If your child is in Years 3-5, then they are tested formally in reading three times across the year. These results are kept within school and used to target progress and learning opportunities. These results also show us whether your child is on track for meeting the year group expectations. If your child is in Years 2 and 6, then they are formally assessed using standardised tests. These results are then used to measure your child’s progress across the Key Stage they have just completed. Your child’s class teacher will be able to inform you about this process.
Further useful websites to support phonics and reading in Foundation and Key Stage One can be found on this website under the heading Community. Please feel free to have a look.
SPaG (Spelling, punctuation and grammar)
is a key part of the 2014 National Curriculum.
Children are taught specific skills in these three areas, across Key Stage 1 and Key Stage 2. They are formally tested on them in the SATs (standard assessment tests) at the end of Year 2 and 6.
Throughout the programmes of study, teachers will teach pupils the vocabulary they need to discuss their reading, writing and spoken language. It is important that pupils learn the correct grammatical terms in English and that these terms are integrated within teaching.
Links below on – give an overview of the specific features that should be included in teaching the programmes of study
At Kingsthorne Primary School, we use the DfE's programme of study for English (2014) to underpin our teaching of Writing across KS1 and 2.
The programmes of study for writing at key stages 1 and 2 are constructed similarly to those for reading:
In addition, pupils should be taught how to their writing. These aspects of writing have been incorporated into the programmes of study for
Writing down ideas depends on effective transcription: that is, on quickly and accurately through knowing the relationship between and understanding the (word structure) and (spelling structure) of words.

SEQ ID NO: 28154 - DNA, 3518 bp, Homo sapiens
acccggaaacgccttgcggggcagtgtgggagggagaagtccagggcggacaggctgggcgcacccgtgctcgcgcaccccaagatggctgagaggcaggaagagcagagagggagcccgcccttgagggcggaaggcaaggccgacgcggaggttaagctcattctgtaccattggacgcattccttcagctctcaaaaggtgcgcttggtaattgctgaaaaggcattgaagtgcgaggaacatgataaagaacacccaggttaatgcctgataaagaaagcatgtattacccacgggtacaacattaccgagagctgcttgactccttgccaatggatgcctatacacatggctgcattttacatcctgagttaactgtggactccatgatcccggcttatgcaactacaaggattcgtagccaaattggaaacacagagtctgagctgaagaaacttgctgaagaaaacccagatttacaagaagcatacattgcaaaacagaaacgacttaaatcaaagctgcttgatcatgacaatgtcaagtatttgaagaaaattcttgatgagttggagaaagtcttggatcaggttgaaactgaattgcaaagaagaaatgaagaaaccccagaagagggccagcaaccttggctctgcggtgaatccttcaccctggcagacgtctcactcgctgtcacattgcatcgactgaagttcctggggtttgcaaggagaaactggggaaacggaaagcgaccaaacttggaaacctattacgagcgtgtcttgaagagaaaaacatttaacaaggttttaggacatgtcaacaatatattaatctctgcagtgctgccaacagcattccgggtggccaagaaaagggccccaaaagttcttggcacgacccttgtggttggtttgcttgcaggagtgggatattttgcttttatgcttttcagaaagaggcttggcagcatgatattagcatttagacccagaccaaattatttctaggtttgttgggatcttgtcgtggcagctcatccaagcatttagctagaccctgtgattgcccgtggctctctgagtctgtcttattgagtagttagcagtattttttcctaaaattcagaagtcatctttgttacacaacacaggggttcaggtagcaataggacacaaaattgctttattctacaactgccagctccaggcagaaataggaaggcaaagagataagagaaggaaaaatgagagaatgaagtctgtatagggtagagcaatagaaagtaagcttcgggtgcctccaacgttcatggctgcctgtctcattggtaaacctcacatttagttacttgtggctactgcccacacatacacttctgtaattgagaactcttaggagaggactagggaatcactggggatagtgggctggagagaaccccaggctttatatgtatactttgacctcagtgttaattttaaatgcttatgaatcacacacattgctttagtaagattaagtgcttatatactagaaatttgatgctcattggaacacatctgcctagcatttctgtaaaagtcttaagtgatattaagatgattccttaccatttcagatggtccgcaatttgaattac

Effective composition involves , and then for a reader. This requires , awareness of the , and an increasingly wide knowledge of
Writing also depends on and, eventually, speedy .
Teaching of Writing:
Our aim at Kingsthorne is for all children to enjoy writing and become confident writers. We do this by providing opportunities for children to experience literacy in a range of contexts, including making links with other subject areas. In writing, explicit links are made to reading and children are encouraged to read with a writer’s eye, identifying and practicing the tools used by popular children’s writers in order to assimilate a text. They are exposed to and learn how to compose a wide variety of genres within fiction and non-fiction as well as studying a range of different poetic forms.
The writing process is supported through teacher modelling and builds on the oral and reading aspects of the units. Children are taught key spelling strategies and appropriate use of punctuation according to their stage of development.
A range of strategies are used by teachers to engage children in the writing process, including visual literacy, drama and ‘talk for writing’ techniques. Children are given the opportunity to take part in a range of speaking and listening activities in order to gather information, develop their vocabulary or give them concrete experiences to write about.
From the start of term Kingsthorne Primary School have introduced continuous cursive writing from Nursery to Year 4. This type of handwriting allows letters to run into one another. Cursive writing will enable pupils to write neatly and consistently. They will improve in presentation and know where each letter begins (always from the line). Cursive writing will continue to be perfected in Key Stage 2 throughout the year.
Children will receive a special ‘pen license’ in Year 3 when they are successfully and accurately joining all letters. This can be revoked at any point if the standard of handwriting deteriorates. All handwriting pens have blue ink only. Ask your child if they have a pen license.